Why slinging (mud) in the rain is par for the course in Port au Prince, Haiti
This blog should really have appeared on Tuesday, April 1, except that it might have been dismissed as a mischievous fictional April Fools Day prank masquerading as news. Except that it isn’t. (Click here for a pithy round-up of some of the more bizarre stories that sound like April Fools Day bogus news but happen to be true. Like the rats as big as cats roaming the streets of Birmingham. And the Brittany traditionalists upset by the spread of multiple cheek kissing.)
So I waited and here, dear readers, are some photographs of what happened to the ‘road’ (if you can call that pot-holed stretch of craters a road) right outside my home, in Tabarre, Port au Prince, after a spell of heavy rain.
Rivers of mud and trash floated down the ‘road’, leaving it a swampy, unnegotiable mess.
By the way, it made the local news, which says something about how dreadful it must’ve been even in a city used to bad or no roads.
(N.B.: The photos were taken several hours after the worst was over.)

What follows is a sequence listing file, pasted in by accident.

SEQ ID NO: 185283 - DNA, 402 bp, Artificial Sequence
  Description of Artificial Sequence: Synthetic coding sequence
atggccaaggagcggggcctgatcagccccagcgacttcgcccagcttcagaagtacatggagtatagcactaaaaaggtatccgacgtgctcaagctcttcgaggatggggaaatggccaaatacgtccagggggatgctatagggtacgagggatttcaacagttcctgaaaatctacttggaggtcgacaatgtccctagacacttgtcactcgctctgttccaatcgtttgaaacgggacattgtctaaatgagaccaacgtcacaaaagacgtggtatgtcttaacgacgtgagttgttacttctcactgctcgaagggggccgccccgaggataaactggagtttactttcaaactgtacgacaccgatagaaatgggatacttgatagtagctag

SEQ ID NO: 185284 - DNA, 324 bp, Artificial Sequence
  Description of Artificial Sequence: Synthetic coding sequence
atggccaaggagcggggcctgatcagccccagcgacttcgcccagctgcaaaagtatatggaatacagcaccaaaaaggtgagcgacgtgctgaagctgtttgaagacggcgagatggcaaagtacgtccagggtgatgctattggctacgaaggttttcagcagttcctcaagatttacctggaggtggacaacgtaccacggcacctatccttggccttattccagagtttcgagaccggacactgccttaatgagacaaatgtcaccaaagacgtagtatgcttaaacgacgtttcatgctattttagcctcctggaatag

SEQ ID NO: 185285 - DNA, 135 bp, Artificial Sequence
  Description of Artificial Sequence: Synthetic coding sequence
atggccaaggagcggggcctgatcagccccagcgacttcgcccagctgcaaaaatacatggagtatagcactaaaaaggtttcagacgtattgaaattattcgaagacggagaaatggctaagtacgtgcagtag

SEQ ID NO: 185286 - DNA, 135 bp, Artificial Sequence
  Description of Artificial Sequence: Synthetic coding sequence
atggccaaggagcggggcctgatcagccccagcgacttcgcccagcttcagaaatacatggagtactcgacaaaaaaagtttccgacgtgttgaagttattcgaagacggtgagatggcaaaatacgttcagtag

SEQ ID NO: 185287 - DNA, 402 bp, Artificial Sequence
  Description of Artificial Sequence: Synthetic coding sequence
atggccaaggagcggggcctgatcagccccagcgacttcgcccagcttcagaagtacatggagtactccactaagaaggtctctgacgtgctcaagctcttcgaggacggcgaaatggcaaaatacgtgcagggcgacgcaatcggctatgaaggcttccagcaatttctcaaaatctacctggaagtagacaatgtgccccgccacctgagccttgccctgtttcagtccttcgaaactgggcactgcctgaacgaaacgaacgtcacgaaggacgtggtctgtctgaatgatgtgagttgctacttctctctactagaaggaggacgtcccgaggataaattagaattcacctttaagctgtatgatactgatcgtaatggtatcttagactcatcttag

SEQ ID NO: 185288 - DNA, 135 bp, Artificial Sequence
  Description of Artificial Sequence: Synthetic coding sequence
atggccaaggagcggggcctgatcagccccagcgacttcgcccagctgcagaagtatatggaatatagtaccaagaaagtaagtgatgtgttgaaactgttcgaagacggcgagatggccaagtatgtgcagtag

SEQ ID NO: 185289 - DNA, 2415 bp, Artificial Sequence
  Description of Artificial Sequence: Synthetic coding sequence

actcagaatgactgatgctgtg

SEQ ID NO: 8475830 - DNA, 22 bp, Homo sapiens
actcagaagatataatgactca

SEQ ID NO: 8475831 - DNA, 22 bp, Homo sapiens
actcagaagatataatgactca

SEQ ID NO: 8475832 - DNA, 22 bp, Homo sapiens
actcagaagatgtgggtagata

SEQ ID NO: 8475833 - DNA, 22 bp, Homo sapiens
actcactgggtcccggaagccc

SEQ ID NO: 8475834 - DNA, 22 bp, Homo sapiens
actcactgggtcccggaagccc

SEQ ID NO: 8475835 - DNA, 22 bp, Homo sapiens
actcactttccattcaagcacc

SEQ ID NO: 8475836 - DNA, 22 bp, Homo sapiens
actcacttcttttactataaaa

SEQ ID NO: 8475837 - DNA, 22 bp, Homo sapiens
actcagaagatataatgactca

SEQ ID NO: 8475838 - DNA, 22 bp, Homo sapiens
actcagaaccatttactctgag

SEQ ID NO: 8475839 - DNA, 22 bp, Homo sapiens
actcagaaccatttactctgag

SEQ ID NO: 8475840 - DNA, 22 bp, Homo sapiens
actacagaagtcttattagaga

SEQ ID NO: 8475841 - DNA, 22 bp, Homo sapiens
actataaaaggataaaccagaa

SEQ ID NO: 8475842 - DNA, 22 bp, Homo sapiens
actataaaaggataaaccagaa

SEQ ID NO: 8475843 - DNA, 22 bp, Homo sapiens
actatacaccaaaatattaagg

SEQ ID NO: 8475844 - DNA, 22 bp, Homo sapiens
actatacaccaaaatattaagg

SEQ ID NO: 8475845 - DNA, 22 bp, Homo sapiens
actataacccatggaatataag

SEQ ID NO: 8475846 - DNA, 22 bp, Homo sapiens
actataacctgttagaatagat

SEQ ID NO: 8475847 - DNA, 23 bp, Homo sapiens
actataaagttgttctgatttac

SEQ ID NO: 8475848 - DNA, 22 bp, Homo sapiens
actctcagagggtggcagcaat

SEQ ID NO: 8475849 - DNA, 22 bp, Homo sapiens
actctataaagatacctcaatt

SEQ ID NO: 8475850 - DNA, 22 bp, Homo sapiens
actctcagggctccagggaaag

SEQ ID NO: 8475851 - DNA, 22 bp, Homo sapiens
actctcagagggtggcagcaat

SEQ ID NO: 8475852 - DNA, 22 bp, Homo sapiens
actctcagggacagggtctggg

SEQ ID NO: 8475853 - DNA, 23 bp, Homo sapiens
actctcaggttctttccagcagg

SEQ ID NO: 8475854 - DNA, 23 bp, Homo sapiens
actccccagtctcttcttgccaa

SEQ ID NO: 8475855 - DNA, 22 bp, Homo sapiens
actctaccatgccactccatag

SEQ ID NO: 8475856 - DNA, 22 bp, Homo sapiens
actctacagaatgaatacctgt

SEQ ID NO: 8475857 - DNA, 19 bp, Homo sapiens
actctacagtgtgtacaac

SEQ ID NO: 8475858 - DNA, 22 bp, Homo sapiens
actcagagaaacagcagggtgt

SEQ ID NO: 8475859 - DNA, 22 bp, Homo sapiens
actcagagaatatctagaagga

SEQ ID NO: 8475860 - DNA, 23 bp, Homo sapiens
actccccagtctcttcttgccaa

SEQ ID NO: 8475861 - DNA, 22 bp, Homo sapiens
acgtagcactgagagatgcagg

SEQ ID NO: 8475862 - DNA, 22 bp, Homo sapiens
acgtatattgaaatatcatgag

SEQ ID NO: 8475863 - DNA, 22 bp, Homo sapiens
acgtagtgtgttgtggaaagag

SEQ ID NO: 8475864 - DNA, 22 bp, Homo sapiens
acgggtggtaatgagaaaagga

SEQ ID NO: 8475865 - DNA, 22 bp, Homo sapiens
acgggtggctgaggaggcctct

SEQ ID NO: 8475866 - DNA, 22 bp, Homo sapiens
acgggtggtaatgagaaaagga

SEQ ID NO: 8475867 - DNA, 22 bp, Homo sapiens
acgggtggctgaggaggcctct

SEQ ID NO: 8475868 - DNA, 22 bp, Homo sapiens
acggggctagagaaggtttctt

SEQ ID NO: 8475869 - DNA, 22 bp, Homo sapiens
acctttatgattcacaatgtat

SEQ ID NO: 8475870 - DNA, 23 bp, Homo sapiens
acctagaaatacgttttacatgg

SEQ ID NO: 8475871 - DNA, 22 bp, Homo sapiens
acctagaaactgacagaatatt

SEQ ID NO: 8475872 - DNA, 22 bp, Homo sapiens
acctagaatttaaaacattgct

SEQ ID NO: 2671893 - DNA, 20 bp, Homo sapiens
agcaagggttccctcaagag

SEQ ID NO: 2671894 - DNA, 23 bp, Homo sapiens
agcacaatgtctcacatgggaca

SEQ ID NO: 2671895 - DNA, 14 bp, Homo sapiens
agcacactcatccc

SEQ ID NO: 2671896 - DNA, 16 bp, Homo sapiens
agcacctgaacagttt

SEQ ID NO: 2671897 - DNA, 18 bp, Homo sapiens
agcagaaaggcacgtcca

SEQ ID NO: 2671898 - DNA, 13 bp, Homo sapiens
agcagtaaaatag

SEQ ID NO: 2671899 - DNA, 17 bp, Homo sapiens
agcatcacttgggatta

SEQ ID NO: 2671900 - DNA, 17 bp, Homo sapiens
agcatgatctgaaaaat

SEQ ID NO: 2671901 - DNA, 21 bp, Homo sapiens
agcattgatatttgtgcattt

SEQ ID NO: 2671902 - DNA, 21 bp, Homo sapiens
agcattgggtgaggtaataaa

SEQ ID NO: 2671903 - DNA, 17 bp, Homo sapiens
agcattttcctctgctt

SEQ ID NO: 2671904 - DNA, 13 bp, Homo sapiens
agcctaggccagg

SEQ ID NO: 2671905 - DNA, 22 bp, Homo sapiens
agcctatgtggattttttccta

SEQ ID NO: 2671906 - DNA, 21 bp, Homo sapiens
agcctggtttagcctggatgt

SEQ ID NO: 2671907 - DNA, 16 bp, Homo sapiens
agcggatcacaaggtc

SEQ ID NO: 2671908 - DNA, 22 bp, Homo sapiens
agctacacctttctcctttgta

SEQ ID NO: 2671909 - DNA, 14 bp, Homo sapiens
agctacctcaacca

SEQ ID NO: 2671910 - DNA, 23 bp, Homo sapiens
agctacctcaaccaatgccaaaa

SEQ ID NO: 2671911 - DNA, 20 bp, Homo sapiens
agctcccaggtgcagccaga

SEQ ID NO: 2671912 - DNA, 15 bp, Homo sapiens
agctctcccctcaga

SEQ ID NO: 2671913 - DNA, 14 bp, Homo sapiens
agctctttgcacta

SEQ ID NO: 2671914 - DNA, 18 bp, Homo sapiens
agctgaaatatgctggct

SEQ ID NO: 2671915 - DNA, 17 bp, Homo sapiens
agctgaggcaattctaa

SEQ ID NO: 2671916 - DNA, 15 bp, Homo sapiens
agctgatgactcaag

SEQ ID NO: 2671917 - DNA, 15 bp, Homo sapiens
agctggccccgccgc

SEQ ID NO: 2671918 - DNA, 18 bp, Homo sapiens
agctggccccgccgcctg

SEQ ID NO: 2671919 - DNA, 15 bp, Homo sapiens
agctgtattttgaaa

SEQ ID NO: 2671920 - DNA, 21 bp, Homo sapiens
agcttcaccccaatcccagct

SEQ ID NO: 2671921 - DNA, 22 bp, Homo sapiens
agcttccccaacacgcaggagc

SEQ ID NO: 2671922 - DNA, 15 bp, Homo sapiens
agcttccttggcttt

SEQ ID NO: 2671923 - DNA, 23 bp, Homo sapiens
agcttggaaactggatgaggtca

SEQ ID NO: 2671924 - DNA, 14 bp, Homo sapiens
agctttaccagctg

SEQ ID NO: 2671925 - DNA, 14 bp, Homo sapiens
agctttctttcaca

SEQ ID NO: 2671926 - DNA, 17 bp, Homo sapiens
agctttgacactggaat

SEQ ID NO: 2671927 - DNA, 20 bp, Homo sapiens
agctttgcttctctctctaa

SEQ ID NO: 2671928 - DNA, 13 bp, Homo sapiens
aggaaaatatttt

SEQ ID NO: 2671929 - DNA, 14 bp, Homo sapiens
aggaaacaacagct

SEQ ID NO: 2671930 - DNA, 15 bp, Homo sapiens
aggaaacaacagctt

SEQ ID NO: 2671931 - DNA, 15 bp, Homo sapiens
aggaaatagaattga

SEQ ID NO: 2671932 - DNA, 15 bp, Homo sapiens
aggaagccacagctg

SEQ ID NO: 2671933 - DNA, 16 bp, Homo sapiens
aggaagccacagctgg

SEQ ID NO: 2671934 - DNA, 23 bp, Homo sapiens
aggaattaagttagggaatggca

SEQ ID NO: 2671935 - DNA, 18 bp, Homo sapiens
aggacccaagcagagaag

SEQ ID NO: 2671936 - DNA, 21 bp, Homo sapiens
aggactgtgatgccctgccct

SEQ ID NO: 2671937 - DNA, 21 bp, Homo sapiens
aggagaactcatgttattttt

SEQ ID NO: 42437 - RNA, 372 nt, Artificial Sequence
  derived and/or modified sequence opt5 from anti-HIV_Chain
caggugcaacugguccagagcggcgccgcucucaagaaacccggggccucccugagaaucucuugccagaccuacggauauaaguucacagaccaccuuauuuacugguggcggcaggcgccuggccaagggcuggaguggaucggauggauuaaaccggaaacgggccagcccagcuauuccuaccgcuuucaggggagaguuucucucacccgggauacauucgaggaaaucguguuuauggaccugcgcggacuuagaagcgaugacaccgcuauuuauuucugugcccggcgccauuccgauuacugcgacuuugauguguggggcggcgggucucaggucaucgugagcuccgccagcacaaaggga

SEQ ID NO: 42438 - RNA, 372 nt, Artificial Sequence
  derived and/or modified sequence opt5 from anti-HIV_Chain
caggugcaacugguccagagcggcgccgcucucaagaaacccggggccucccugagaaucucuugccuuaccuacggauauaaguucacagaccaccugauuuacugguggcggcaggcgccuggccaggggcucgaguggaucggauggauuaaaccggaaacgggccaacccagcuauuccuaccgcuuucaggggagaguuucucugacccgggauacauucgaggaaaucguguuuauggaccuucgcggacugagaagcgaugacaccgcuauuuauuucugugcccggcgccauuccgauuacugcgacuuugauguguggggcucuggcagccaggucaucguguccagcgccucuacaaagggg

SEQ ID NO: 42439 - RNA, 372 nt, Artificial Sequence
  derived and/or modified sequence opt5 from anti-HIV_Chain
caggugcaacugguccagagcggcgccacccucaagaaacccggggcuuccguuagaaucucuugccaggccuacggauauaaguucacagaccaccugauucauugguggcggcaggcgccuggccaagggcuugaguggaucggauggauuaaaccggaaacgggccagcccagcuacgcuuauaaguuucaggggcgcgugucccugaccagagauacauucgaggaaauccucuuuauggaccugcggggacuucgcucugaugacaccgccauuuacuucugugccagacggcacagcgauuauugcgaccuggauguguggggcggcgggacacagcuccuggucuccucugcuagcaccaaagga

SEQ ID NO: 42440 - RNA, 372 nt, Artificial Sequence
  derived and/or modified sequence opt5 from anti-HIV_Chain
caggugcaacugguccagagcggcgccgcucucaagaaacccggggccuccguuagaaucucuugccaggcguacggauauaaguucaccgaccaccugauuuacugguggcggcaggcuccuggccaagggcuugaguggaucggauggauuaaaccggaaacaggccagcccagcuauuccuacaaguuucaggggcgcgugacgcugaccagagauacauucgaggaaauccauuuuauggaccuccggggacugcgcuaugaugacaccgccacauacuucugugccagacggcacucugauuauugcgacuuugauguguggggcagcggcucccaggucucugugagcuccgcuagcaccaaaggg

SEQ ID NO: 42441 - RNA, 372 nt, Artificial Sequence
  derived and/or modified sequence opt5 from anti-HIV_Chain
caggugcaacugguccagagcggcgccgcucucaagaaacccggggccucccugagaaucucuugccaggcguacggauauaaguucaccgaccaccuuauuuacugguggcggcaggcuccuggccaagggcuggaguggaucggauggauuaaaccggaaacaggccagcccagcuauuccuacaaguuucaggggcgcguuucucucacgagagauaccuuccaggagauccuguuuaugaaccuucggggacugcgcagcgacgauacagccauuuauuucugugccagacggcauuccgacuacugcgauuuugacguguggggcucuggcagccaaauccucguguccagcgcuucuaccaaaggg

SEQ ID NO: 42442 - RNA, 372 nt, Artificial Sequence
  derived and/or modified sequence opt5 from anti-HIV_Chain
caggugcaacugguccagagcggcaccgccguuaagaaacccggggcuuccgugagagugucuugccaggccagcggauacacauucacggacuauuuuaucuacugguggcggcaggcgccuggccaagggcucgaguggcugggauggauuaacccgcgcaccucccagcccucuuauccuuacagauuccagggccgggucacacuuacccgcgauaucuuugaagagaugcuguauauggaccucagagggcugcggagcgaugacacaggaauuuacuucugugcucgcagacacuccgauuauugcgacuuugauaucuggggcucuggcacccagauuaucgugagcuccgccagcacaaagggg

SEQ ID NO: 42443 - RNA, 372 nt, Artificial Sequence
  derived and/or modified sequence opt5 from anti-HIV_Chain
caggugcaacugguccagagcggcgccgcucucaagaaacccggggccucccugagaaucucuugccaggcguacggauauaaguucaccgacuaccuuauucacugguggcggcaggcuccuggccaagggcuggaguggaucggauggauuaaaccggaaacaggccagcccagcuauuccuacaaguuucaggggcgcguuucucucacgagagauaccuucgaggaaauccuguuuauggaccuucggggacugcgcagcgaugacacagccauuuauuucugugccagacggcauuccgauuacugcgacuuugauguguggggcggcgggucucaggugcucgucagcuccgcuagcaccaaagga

The point about these photos – and the muddy swamp of a road – is what it says about governance, planning and execution in Haiti, especially its capital Port au Prince.
The soil had been smartly acquired by the local authorities to level the road.
It would have been a good idea had they paved the road right after laying down the soil.
They didn’t and the rains (slightly early, yes, but not so much as to be entirely unexpected) washed all the soil down the road, leaving it worse than ever before.
As William Penn wrote, in the countryside we see the works of God; in cities little else but the works of men.
Especially, the more ham-fisted ones in poor megacities like Port au Prince.